My eyes kept wandering to the collage I’d just made and all the images and words, messages to my subconscious. I believe that what writing and life can teach us is that pain doesn’t need to be avoided. That you can nestle there with it and really feel and let it enter you. Because when you avoid it, or block it, or push it away, it just returns. And festers. During the question and answer session on Friday night a man asked Goldberg what she loved about Zen. And in an odd voice with hands pressed together, she intoned “Awaken. Awaken. Do not waste your precious life.”

Wednesday, February 13, 2008

If the world were merely seductive, that would be easy. If it were merely challenging, that would be no problem. But I arise in the morning torn between a desire to improve the world and a desire to enjoy the world. This makes if hard to plan the day. E. B. White

Dawn has arrived and before it broke, the giant fir trees in the neighborhood looked ghostly in the gloom, but now they’re standing out in sharp relief. Meanwhile on the side street I can hear trucks arriving with shrill beeps and thumps as they park. They’re replacing sewer pipes in the next block and I fear that they’re going to work on this block also.

I know that many parts of the country are buried under snow and heard yesterday Wisconsin has had a record snowfall and I can imagine a world of white back there. Well, actually, in the cities the snow gets dirty and littered with piles of dog poop and they run out of room to stash the mountains of snow, but it’s still a world of white. While here in Portland yesterday when I was out walking I spotted buds and crocuses poking up and signs of spring all over the place as my eyes teared from allergies. And our weather forecast is calling for temperatures in the 50s in the coming days.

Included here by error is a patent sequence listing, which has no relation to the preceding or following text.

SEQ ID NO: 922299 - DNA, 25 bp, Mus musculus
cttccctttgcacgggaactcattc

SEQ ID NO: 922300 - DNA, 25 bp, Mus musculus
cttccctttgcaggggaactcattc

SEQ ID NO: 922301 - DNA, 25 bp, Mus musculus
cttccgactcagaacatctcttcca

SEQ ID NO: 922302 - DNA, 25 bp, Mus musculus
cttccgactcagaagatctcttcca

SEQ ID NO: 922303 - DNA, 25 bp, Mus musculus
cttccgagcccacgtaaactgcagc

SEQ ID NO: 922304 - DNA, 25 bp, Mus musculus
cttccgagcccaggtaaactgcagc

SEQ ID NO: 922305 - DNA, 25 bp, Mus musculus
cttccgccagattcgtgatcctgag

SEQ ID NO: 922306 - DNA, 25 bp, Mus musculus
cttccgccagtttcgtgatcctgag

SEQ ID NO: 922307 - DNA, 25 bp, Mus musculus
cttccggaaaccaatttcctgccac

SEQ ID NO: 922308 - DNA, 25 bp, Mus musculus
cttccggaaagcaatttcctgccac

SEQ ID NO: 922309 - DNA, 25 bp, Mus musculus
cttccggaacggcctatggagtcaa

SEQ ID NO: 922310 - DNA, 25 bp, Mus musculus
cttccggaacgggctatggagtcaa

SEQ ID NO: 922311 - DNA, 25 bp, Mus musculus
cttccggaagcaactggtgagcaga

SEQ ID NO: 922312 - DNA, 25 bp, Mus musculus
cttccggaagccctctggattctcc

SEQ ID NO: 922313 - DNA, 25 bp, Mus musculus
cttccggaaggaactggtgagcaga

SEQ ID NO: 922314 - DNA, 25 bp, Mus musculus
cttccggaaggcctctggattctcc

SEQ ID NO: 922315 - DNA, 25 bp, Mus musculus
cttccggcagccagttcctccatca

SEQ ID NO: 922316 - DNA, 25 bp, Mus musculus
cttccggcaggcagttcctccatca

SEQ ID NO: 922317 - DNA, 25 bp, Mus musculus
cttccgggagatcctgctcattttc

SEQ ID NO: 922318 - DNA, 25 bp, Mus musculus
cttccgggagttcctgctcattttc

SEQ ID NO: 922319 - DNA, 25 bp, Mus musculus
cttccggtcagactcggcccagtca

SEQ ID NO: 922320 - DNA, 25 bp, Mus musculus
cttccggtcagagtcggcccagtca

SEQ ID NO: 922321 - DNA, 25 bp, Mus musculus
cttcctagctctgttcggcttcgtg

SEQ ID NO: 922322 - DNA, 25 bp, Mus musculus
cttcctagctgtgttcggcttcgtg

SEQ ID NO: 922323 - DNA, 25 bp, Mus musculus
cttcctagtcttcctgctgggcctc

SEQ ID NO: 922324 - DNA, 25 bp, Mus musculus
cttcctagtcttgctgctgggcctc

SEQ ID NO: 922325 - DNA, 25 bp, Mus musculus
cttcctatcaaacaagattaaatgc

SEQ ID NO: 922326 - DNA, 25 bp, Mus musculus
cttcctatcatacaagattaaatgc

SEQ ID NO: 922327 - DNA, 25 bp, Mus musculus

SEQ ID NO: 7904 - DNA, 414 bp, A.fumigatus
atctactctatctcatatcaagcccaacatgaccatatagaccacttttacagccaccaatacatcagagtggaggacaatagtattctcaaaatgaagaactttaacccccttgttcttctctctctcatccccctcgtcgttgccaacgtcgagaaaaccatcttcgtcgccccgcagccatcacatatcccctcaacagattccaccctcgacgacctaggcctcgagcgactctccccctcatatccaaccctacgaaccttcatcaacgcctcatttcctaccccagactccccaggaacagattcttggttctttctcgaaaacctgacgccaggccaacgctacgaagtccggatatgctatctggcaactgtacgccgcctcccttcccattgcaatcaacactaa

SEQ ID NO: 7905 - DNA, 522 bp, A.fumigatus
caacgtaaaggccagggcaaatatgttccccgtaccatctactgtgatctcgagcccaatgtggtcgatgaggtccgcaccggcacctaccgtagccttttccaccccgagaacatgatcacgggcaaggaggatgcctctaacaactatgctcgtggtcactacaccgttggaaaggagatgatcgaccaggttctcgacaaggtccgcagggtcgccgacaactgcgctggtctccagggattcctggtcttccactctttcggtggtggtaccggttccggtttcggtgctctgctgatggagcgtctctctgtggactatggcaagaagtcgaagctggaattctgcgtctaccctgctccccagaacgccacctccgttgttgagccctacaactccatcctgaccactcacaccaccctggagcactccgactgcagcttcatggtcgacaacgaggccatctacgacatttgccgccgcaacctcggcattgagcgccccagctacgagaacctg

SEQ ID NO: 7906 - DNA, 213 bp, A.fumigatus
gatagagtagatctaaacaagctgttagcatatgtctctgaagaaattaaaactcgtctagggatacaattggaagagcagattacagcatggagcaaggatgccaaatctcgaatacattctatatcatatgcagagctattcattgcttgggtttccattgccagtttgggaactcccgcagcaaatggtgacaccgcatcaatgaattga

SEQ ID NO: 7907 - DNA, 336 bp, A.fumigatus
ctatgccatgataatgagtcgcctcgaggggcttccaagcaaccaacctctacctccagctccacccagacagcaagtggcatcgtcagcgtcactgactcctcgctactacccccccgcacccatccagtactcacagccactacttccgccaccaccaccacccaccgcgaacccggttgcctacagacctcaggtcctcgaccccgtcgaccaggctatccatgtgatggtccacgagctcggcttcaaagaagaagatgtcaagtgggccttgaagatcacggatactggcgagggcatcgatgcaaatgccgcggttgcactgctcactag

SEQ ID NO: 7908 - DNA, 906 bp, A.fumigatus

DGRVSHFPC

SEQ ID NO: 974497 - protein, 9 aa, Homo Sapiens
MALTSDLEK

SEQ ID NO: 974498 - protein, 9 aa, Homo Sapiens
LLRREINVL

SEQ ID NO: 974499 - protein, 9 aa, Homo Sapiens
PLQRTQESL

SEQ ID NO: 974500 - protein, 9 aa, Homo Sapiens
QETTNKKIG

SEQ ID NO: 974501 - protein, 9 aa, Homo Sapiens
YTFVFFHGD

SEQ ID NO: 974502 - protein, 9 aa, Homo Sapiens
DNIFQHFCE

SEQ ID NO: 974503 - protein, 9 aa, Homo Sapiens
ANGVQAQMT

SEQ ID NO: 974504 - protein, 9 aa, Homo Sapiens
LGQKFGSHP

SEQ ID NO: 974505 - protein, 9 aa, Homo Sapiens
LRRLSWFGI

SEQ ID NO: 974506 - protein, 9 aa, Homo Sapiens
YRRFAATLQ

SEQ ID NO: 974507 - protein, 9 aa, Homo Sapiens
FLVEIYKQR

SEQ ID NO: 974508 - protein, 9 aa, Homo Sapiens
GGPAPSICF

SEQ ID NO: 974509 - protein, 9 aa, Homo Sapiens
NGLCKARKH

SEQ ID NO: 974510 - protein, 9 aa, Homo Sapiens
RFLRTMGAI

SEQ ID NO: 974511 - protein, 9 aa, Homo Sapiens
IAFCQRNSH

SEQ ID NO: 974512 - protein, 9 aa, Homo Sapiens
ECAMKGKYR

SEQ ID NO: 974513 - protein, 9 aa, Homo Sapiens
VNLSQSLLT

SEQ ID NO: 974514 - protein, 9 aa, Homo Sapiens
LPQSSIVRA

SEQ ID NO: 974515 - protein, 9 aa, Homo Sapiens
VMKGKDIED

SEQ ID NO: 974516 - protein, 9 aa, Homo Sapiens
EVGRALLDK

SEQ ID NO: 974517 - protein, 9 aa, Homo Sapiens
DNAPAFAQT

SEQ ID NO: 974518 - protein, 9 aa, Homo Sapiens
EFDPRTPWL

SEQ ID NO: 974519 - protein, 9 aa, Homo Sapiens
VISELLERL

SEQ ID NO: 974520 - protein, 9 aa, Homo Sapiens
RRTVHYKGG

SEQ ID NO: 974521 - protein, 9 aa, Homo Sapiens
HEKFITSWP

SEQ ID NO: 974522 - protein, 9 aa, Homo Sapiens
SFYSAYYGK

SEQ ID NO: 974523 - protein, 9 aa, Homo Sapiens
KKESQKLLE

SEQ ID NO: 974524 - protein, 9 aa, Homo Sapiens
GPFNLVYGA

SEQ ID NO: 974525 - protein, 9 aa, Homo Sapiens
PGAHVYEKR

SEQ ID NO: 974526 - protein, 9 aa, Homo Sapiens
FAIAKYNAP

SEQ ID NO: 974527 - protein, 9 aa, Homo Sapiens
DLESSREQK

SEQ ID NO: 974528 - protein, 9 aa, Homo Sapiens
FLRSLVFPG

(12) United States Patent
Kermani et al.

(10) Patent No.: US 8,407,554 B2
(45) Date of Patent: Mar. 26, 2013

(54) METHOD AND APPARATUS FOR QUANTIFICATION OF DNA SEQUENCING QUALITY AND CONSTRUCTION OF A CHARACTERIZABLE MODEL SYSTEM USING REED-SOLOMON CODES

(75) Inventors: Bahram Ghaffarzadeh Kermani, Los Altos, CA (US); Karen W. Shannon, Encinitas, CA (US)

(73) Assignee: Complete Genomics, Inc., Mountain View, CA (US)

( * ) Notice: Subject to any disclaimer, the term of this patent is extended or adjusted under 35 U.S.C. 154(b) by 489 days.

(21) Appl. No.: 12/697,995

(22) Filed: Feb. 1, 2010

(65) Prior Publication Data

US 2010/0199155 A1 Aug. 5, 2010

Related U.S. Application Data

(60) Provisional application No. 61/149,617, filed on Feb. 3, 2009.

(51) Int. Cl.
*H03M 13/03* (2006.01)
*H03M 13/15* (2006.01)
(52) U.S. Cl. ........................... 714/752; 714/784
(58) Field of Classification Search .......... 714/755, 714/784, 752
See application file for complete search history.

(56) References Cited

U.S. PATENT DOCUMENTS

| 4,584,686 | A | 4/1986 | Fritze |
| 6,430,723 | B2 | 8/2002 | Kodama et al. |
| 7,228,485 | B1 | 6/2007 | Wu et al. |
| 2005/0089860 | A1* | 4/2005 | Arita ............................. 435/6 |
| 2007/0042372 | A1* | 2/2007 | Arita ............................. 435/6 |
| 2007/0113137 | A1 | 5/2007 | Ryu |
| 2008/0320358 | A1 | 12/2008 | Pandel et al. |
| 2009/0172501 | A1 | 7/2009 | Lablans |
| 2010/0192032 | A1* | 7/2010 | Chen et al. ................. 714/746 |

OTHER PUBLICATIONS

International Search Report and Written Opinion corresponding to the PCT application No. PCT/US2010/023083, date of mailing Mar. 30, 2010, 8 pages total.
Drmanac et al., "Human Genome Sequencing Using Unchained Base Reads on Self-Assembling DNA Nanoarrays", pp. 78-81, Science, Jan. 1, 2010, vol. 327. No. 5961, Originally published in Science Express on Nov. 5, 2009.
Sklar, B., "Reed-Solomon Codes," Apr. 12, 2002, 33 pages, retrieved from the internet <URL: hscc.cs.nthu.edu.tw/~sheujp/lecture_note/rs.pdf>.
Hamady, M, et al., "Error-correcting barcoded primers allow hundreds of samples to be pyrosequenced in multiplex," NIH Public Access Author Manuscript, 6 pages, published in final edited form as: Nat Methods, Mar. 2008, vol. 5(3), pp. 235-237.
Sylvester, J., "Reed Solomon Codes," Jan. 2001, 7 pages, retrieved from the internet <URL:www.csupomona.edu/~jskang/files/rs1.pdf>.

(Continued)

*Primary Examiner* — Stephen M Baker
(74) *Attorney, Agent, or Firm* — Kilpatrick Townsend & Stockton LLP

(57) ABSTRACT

And so much is happening in the world as the writers in Hollywood are going back to work, Barack Obama has won eight primary elections or caucuses in a row and is still packing in thousands of people wherever he goes giving his stump speech about hope, while Hillary is rearranging her staff. Meanwhile, Republicans are laying down the gauntlet so that the debate in the summer and fall can be about 9-1-1 and fear and terrorism, not the fact that this country is sinking under debt and despair. Why are these guys so much better at strategy than the progressives? And isn’t it time for Harry Reid to resign after yesterday the vote in the Senate to give immunity to phone companies for warrantless wiretapping/snooping against Americans? Now the bill goes to the House—so we should also call our Congressman and tell them not to vote for it.

On Saturday I was in Olympia teaching a class on fiction and Monday I drove down to Albany to give a talk on the essentials of fiction. When I begin this talk I start by saying that compelling fiction haunts us and touches the deep layers in us. The best stories resonate and are created from elements that cause them to linger in the reader’s imagination, senses, emotions, and memory with a lasting clarity. When a story stays with a reader it does so because the writer employed dozens of techniques. These techniques are often invisible and are sometimes embedded in into the underpinnings or structure. All are needed to bring a story to life. They include: vivid character development, tension that crackles on the page, suspense that keeps us turning pages, conflict that creates worry in the reader and a fictional world that is so intimate, layered, and substantial that it breathes.

But this haunting isn’t easy and the process begins when the reader encounters the first word on the first page. This opening separates the reader from his everyday life and wrests him into the reality and simmering problems of the story. These first pages might open quietly or thunder, there might be a single character or dazzling, funny cast; it might depict an enchanted kingdom or a police precinct in the Bronx. Reading fiction is a physical, emotional, and intellectual experience, a way to live vicariously and to explore psychological issues